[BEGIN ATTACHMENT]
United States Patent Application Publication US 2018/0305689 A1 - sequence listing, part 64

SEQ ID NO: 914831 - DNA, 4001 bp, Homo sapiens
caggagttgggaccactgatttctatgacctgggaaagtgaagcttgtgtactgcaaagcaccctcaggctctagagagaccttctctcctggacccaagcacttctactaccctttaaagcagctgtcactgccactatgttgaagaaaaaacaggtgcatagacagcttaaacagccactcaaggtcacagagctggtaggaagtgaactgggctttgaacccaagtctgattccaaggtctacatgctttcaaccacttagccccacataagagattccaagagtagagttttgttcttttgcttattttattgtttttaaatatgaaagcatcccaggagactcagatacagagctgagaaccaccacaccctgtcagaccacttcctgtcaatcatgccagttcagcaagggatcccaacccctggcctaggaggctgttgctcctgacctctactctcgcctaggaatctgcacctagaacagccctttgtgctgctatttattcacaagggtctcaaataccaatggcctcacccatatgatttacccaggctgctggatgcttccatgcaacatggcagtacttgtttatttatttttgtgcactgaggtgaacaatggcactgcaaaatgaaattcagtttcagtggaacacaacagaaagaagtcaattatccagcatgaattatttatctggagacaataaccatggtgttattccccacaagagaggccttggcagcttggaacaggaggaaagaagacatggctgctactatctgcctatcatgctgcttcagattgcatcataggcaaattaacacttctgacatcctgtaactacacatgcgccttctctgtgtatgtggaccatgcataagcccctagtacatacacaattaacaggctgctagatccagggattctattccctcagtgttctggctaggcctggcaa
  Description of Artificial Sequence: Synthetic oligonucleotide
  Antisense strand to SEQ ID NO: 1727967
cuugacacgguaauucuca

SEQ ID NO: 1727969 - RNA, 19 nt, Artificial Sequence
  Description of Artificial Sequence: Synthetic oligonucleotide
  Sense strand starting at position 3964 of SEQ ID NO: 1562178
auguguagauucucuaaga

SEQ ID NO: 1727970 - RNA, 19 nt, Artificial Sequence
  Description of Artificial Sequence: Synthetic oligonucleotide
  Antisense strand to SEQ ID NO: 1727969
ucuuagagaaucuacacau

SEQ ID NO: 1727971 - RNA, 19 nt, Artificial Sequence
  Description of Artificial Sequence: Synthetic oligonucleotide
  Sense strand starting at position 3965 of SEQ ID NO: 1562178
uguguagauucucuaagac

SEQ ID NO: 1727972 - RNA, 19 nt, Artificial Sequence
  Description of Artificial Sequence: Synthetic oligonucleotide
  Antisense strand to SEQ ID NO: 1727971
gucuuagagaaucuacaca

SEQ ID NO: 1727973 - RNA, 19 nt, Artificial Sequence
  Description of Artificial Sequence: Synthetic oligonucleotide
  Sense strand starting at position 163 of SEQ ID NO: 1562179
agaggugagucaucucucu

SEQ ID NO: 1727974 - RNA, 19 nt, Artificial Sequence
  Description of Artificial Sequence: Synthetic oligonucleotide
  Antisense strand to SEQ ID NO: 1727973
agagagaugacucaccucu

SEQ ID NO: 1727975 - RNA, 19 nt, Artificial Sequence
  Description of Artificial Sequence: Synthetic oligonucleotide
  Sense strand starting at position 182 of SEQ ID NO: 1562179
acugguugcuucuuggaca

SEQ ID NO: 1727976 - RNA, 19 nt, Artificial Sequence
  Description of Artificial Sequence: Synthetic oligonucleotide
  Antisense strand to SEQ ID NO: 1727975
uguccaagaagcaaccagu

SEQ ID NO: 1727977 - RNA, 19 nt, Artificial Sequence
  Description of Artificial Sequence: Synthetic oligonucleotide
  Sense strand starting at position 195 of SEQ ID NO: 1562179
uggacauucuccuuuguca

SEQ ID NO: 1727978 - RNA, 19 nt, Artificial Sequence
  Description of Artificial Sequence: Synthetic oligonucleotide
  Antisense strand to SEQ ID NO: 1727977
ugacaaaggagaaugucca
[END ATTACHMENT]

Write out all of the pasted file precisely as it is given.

United States Patent Application Publication US 2018/0305689 A1 - sequence listing, part 64

SEQ ID NO: 914831 - DNA, 4001 bp, Homo sapiens
caggagttgggaccactgatttctatgacctgggaaagtgaagcttgtgtactgcaaagcaccctcaggctctagagagaccttctctcctggacccaagcacttctactaccctttaaagcagctgtcactgccactatgttgaagaaaaaacaggtgcatagacagcttaaacagccactcaaggtcacagagctggtaggaagtgaactgggctttgaacccaagtctgattccaaggtctacatgctttcaaccacttagccccacataagagattccaagagtagagttttgttcttttgcttattttattgtttttaaatatgaaagcatcccaggagactcagatacagagctgagaaccaccacaccctgtcagaccacttcctgtcaatcatgccagttcagcaagggatcccaacccctggcctaggaggctgttgctcctgacctctactctcgcctaggaatctgcacctagaacagccctttgtgctgctatttattcacaagggtctcaaataccaatggcctcacccatatgatttacccaggctgctggatgcttccatgcaacatggcagtacttgtttatttatttttgtgcactgaggtgaacaatggcactgcaaaatgaaattcagtttcagtggaacacaacagaaagaagtcaattatccagcatgaattatttatctggagacaataaccatggtgttattccccacaagagaggccttggcagcttggaacaggaggaaagaagacatggctgctactatctgcctatcatgctgcttcagattgcatcataggcaaattaacacttctgacatcctgtaactacacatgcgccttctctgtgtatgtggaccatgcataagcccctagtacatacacaattaacaggctgctagatccagggattctattccctcagtgttctggctaggcctggcaa
  Description of Artificial Sequence: Synthetic oligonucleotide
  Antisense strand to SEQ ID NO: 1727967
cuugacacgguaauucuca

SEQ ID NO: 1727969 - RNA, 19 nt, Artificial Sequence
  Description of Artificial Sequence: Synthetic oligonucleotide
  Sense strand starting at position 3964 of SEQ ID NO: 1562178
auguguagauucucuaaga

SEQ ID NO: 1727970 - RNA, 19 nt, Artificial Sequence
  Description of Artificial Sequence: Synthetic oligonucleotide
  Antisense strand to SEQ ID NO: 1727969
ucuuagagaaucuacacau

SEQ ID NO: 1727971 - RNA, 19 nt, Artificial Sequence
  Description of Artificial Sequence: Synthetic oligonucleotide
  Sense strand starting at position 3965 of SEQ ID NO: 1562178
uguguagauucucuaagac

SEQ ID NO: 1727972 - RNA, 19 nt, Artificial Sequence
  Description of Artificial Sequence: Synthetic oligonucleotide
  Antisense strand to SEQ ID NO: 1727971
gucuuagagaaucuacaca

SEQ ID NO: 1727973 - RNA, 19 nt, Artificial Sequence
  Description of Artificial Sequence: Synthetic oligonucleotide
  Sense strand starting at position 163 of SEQ ID NO: 1562179
agaggugagucaucucucu

SEQ ID NO: 1727974 - RNA, 19 nt, Artificial Sequence
  Description of Artificial Sequence: Synthetic oligonucleotide
  Antisense strand to SEQ ID NO: 1727973
agagagaugacucaccucu

SEQ ID NO: 1727975 - RNA, 19 nt, Artificial Sequence
  Description of Artificial Sequence: Synthetic oligonucleotide
  Sense strand starting at position 182 of SEQ ID NO: 1562179
acugguugcuucuuggaca

SEQ ID NO: 1727976 - RNA, 19 nt, Artificial Sequence
  Description of Artificial Sequence: Synthetic oligonucleotide
  Antisense strand to SEQ ID NO: 1727975
uguccaagaagcaaccagu

SEQ ID NO: 1727977 - RNA, 19 nt, Artificial Sequence
  Description of Artificial Sequence: Synthetic oligonucleotide
  Sense strand starting at position 195 of SEQ ID NO: 1562179
uggacauucuccuuuguca

SEQ ID NO: 1727978 - RNA, 19 nt, Artificial Sequence
  Description of Artificial Sequence: Synthetic oligonucleotide
  Antisense strand to SEQ ID NO: 1727977
ugacaaaggagaaugucca